‘Ik heb ze gevonden!’

Zo kwam het, dat toen mijn vader op een ochtend de voordeur open deed om naar zijn werk te vertrekken, daar tot zijn verbazing mijn broertje op de stoep trof.
‘Wat doe jij nou weer thuis?’ vroeg hij op nijdige toon.
‘Ja, ik moest wel, Hannah had zich in mijn jas verstopt!’ riep deze in al zijn onschuld uit, zijn fiets in het rek slingerend.
‘He?’ vroeg mijn vader verbaasd, terwijl hij de deur simpelweg openhield en achter mijn broer aan liep. Die was intussen door naar de woonkamer gelopen.
‘Hee, wat doe jij thuis?’ mijn moeder, verbaasd van achter haar krant, nog aan haar ontbijt.
‘Hannah zat in m’n jas, dus ik ben omgekeerd, naar huis’, zei hij, terwijl hij zijn jas open deed. En verrek, daar zat ze. Met grote tennisbal-ogen keek ze verschrikt mijn ouders aan. Die in lachen uitbarstten.
‘Wat een plek om je te verstoppen, sufferd!’ sprak mijn vader, terwijl hij het verschrikte beest over het verwarde kopje aaide en d’r uit de grote jaszak trok.
‘Nou, kom maar. Ik breng je wel naar school, dan leggen we het uit aan de conrector’, zei mijn vader mild tot mijn broertje.
En zo kwam het toch nog goed.

My brother sometimes arrived home earlier from his first year of midschool than anticipated. A schoolsystem not being completely functional yet, which left the schedule incomplete, incorrect behaviour towards other persons and superiors and more where that came from, were usually grounds for these early home arrivals.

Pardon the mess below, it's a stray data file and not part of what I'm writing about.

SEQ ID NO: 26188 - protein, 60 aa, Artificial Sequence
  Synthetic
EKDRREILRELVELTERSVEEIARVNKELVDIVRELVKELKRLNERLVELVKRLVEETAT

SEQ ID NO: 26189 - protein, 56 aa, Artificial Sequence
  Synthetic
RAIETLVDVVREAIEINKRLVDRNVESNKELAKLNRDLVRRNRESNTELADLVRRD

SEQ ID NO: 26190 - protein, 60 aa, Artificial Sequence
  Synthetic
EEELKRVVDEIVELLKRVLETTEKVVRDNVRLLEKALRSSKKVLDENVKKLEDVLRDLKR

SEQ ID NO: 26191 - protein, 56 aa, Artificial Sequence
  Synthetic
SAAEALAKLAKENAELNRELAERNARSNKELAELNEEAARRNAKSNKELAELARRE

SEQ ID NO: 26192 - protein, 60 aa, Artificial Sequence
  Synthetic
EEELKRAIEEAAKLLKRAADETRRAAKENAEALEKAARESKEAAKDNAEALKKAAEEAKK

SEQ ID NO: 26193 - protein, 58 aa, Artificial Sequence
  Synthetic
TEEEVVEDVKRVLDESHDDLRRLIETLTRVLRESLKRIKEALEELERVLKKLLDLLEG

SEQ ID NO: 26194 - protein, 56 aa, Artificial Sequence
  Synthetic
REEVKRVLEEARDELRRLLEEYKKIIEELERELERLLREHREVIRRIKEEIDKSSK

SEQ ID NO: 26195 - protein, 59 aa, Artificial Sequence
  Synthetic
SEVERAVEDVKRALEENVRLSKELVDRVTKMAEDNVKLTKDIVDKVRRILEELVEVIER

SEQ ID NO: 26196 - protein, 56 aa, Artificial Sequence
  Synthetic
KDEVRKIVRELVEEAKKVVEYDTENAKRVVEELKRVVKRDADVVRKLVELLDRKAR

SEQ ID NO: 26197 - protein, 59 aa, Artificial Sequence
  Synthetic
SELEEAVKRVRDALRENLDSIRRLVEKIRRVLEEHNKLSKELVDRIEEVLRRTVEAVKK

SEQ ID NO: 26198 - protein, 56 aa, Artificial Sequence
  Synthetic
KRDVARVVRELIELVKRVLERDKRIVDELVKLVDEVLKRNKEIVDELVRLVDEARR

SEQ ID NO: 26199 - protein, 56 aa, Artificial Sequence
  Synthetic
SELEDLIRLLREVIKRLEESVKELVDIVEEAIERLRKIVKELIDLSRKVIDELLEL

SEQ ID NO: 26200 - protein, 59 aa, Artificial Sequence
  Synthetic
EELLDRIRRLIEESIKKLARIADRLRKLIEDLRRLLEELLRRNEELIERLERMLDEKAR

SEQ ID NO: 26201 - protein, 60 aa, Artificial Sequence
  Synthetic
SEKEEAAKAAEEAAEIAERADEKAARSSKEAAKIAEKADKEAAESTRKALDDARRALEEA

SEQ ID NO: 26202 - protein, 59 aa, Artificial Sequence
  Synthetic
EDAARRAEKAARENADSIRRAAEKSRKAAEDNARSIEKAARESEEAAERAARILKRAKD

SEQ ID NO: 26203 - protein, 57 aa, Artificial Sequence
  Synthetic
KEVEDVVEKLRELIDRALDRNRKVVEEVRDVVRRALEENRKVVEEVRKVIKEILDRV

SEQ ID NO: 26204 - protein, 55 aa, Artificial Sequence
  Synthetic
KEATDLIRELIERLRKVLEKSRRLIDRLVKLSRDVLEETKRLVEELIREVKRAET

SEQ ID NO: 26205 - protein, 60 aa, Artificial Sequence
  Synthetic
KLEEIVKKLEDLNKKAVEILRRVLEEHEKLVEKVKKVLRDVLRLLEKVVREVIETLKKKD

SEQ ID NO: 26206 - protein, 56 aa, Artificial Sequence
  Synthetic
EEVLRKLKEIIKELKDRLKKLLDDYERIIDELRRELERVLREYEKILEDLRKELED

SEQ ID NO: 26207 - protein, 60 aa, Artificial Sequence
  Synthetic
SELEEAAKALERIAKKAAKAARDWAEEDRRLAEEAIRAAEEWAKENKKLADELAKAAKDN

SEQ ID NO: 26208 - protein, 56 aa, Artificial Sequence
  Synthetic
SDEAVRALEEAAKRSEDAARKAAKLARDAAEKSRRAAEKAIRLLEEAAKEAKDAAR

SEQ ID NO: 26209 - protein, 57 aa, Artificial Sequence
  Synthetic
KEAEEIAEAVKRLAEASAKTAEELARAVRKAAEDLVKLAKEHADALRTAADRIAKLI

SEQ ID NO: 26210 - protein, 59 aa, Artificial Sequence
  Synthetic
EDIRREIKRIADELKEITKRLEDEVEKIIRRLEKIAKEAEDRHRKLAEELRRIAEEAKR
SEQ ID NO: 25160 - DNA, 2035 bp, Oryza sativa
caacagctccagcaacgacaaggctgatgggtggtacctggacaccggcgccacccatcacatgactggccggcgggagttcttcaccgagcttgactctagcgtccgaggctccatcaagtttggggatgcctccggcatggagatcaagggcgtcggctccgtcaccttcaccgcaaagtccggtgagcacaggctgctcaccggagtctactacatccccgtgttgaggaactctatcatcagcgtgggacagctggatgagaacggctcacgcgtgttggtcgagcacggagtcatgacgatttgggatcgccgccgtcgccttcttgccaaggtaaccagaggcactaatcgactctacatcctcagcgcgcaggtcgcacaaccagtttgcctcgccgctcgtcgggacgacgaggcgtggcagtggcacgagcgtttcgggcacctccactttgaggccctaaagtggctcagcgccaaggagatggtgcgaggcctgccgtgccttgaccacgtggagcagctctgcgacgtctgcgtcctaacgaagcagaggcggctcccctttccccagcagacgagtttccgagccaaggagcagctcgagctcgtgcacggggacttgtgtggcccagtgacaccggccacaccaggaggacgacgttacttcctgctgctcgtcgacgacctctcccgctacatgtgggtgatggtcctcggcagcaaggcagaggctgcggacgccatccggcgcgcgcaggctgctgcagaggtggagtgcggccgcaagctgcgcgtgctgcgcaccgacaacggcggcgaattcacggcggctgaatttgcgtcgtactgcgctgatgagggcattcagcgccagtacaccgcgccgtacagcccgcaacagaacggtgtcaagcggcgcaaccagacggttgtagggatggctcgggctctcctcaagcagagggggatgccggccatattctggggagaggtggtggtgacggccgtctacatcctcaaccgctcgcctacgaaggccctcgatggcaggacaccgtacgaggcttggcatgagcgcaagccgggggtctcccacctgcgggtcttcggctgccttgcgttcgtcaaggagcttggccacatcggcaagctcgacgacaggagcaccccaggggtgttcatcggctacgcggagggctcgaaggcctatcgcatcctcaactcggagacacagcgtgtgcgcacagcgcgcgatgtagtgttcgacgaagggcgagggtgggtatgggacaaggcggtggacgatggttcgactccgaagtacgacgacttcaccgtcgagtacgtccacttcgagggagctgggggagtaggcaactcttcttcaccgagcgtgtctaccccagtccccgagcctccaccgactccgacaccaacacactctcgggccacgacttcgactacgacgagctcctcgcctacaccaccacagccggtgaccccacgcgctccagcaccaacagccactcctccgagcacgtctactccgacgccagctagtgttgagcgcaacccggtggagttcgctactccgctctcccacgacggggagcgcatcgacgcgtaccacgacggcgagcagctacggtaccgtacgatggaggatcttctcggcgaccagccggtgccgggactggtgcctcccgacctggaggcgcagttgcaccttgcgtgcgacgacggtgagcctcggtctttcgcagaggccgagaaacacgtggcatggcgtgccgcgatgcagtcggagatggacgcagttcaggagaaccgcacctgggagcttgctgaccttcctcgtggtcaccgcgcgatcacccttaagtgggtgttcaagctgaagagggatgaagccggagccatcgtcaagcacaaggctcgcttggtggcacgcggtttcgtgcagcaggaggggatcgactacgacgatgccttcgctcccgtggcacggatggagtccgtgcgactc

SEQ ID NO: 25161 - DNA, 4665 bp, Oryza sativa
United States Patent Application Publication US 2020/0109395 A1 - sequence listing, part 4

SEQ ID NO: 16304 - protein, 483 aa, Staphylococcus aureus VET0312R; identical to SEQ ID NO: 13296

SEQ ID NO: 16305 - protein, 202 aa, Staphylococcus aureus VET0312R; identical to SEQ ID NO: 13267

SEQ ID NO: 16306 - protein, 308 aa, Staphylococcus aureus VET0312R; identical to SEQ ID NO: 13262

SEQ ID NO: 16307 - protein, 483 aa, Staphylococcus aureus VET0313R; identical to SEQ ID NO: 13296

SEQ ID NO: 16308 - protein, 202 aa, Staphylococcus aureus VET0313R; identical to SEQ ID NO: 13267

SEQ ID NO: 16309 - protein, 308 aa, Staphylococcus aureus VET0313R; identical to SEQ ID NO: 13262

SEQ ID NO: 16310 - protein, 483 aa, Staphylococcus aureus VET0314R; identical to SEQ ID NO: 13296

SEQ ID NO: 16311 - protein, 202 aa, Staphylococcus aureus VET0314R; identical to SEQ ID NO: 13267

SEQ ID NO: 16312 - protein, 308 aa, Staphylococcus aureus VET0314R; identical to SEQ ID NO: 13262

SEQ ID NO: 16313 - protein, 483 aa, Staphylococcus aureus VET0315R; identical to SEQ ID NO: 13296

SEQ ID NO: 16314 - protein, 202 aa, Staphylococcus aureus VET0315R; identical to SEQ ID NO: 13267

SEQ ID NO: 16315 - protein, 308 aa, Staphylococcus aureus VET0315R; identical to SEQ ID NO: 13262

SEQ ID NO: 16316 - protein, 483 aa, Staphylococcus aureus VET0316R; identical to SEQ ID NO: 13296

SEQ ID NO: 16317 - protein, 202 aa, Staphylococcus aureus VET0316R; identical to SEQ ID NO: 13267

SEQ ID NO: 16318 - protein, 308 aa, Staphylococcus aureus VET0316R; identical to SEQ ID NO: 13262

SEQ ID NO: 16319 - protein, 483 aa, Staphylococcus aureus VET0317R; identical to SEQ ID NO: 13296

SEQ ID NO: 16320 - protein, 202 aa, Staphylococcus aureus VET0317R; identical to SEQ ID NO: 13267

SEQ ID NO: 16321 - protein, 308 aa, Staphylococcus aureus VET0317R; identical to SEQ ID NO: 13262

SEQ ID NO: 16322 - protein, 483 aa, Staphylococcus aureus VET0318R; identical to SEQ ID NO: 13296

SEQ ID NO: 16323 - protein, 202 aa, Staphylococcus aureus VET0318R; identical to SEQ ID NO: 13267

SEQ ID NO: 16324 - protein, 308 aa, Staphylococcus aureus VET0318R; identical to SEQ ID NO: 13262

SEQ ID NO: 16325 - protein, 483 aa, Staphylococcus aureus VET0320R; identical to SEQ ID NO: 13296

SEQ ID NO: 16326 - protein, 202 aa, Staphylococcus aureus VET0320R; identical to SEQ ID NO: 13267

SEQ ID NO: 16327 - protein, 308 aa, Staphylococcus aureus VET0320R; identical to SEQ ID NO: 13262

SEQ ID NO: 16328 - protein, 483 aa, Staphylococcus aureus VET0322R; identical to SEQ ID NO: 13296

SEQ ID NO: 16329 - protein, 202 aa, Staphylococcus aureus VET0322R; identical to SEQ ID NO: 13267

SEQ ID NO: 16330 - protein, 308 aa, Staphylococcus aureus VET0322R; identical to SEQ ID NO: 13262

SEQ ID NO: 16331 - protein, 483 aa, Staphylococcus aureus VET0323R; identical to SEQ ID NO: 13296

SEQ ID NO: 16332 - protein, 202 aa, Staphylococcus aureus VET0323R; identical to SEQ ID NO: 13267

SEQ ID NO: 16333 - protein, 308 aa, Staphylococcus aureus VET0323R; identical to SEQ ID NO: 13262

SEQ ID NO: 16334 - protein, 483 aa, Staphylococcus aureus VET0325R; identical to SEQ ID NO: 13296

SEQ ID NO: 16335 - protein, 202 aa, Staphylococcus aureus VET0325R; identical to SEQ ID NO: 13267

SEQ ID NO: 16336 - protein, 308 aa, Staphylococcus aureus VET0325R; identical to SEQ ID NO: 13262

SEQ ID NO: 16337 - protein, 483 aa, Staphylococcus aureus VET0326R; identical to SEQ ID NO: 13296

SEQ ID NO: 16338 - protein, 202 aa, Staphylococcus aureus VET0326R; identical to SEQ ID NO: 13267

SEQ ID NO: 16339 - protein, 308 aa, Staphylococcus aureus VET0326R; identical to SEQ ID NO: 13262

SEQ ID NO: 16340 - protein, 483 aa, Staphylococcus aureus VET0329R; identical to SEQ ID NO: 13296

Then we had kittens.
These creatures have often found their way underneath my little brother’s ‘wings’. It so happened that mothercat hid her kittens in his bed when no-one was around. We looked everywhere, for we knew the mothercat had delivered, as she was walking around slender and empty. We had prepared a ‘room’ for her in the kitchen, but using it? Meh. Cats never really do what you ask of ‘m, eh?
It wasn’t until my brother was put in bed at night and he wanted to stretch his legs, that he felt the little cottonballs in his bed.

‘I’ve found ‘m!’ he yelled then, so we could welcome our new familymembers properly.
So it happened that my father was about to leave for work, and found my brother in the front yard, just returning home.
‘What are you doing home early?’ he asked agitated.
‘I had to, Hannah was hidden in my coat’, he replied, all innocently.
‘Huh?’ my father replied surprised, simply holding the door and following my brother. Who marched straight through into the livingroom.
‘Huh? What are you doing back home?’ my mother asked, reading the newspaper, having breakfast.
‘Hannah was in my coat, I had to return home’, he said, opened his coat to show them. And there she was. With eyes the size of tennisballs she looked at my parents. Who started laughing loudly.
‘What a place to hide, you silly!’ my father said, petting the confused animal over its head, before yanking it out of the huge pocket. 
‘Oh well, come along. I’ll bring you back to school and we’ll explain things to your headmaster’, my father said to my little brother.
And so it all turned out well.

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Posted by on November 23, 2014 in Daily life, Humour